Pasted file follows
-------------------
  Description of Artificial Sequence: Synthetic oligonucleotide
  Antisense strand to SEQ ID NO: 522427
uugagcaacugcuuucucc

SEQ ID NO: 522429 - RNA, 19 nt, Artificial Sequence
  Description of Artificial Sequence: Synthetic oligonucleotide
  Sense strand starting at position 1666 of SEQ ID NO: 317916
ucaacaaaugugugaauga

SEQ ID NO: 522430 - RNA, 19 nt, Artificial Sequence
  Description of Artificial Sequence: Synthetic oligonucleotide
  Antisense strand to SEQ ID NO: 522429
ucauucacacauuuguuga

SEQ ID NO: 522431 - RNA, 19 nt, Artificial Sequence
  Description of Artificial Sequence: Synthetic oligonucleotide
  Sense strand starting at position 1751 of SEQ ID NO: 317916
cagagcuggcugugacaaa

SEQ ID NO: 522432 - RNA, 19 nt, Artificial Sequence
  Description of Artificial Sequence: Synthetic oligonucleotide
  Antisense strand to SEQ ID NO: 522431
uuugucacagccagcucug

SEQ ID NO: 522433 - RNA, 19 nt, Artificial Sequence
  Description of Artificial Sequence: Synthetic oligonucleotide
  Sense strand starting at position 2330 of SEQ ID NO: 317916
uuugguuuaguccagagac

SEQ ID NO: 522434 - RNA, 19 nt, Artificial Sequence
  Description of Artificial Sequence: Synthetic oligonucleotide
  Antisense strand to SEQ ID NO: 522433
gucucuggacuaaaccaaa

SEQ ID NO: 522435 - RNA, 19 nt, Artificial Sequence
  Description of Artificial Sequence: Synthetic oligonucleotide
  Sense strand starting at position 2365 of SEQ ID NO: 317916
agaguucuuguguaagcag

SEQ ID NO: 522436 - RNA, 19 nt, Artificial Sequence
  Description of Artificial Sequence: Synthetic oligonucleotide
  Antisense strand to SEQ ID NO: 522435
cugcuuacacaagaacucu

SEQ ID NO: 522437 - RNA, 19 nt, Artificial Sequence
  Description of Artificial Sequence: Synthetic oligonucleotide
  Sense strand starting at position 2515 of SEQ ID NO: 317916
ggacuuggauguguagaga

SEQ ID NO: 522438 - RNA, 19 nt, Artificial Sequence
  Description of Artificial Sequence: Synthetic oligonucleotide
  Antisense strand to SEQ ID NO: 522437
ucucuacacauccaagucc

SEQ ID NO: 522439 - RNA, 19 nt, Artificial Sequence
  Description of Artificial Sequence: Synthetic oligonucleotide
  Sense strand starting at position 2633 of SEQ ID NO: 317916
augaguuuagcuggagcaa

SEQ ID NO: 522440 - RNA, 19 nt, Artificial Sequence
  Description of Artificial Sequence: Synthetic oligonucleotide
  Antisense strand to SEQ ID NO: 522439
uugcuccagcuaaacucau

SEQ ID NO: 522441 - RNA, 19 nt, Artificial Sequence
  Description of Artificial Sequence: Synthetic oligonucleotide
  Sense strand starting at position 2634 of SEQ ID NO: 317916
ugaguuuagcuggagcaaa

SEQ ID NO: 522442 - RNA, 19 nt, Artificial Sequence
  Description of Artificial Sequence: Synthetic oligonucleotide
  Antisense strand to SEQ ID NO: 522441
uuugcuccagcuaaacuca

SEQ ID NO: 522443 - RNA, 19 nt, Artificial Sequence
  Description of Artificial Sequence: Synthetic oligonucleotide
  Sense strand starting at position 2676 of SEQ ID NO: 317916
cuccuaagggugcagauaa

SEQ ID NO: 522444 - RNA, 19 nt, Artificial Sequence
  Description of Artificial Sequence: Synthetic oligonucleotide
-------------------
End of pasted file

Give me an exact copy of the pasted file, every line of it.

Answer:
  Description of Artificial Sequence: Synthetic oligonucleotide
  Antisense strand to SEQ ID NO: 522427
uugagcaacugcuuucucc

SEQ ID NO: 522429 - RNA, 19 nt, Artificial Sequence
  Description of Artificial Sequence: Synthetic oligonucleotide
  Sense strand starting at position 1666 of SEQ ID NO: 317916
ucaacaaaugugugaauga

SEQ ID NO: 522430 - RNA, 19 nt, Artificial Sequence
  Description of Artificial Sequence: Synthetic oligonucleotide
  Antisense strand to SEQ ID NO: 522429
ucauucacacauuuguuga

SEQ ID NO: 522431 - RNA, 19 nt, Artificial Sequence
  Description of Artificial Sequence: Synthetic oligonucleotide
  Sense strand starting at position 1751 of SEQ ID NO: 317916
cagagcuggcugugacaaa

SEQ ID NO: 522432 - RNA, 19 nt, Artificial Sequence
  Description of Artificial Sequence: Synthetic oligonucleotide
  Antisense strand to SEQ ID NO: 522431
uuugucacagccagcucug

SEQ ID NO: 522433 - RNA, 19 nt, Artificial Sequence
  Description of Artificial Sequence: Synthetic oligonucleotide
  Sense strand starting at position 2330 of SEQ ID NO: 317916
uuugguuuaguccagagac

SEQ ID NO: 522434 - RNA, 19 nt, Artificial Sequence
  Description of Artificial Sequence: Synthetic oligonucleotide
  Antisense strand to SEQ ID NO: 522433
gucucuggacuaaaccaaa

SEQ ID NO: 522435 - RNA, 19 nt, Artificial Sequence
  Description of Artificial Sequence: Synthetic oligonucleotide
  Sense strand starting at position 2365 of SEQ ID NO: 317916
agaguucuuguguaagcag

SEQ ID NO: 522436 - RNA, 19 nt, Artificial Sequence
  Description of Artificial Sequence: Synthetic oligonucleotide
  Antisense strand to SEQ ID NO: 522435
cugcuuacacaagaacucu

SEQ ID NO: 522437 - RNA, 19 nt, Artificial Sequence
  Description of Artificial Sequence: Synthetic oligonucleotide
  Sense strand starting at position 2515 of SEQ ID NO: 317916
ggacuuggauguguagaga

SEQ ID NO: 522438 - RNA, 19 nt, Artificial Sequence
  Description of Artificial Sequence: Synthetic oligonucleotide
  Antisense strand to SEQ ID NO: 522437
ucucuacacauccaagucc

SEQ ID NO: 522439 - RNA, 19 nt, Artificial Sequence
  Description of Artificial Sequence: Synthetic oligonucleotide
  Sense strand starting at position 2633 of SEQ ID NO: 317916
augaguuuagcuggagcaa

SEQ ID NO: 522440 - RNA, 19 nt, Artificial Sequence
  Description of Artificial Sequence: Synthetic oligonucleotide
  Antisense strand to SEQ ID NO: 522439
uugcuccagcuaaacucau

SEQ ID NO: 522441 - RNA, 19 nt, Artificial Sequence
  Description of Artificial Sequence: Synthetic oligonucleotide
  Sense strand starting at position 2634 of SEQ ID NO: 317916
ugaguuuagcuggagcaaa

SEQ ID NO: 522442 - RNA, 19 nt, Artificial Sequence
  Description of Artificial Sequence: Synthetic oligonucleotide
  Antisense strand to SEQ ID NO: 522441
uuugcuccagcuaaacuca

SEQ ID NO: 522443 - RNA, 19 nt, Artificial Sequence
  Description of Artificial Sequence: Synthetic oligonucleotide
  Sense strand starting at position 2676 of SEQ ID NO: 317916
cuccuaagggugcagauaa

SEQ ID NO: 522444 - RNA, 19 nt, Artificial Sequence
  Description of Artificial Sequence: Synthetic oligonucleotide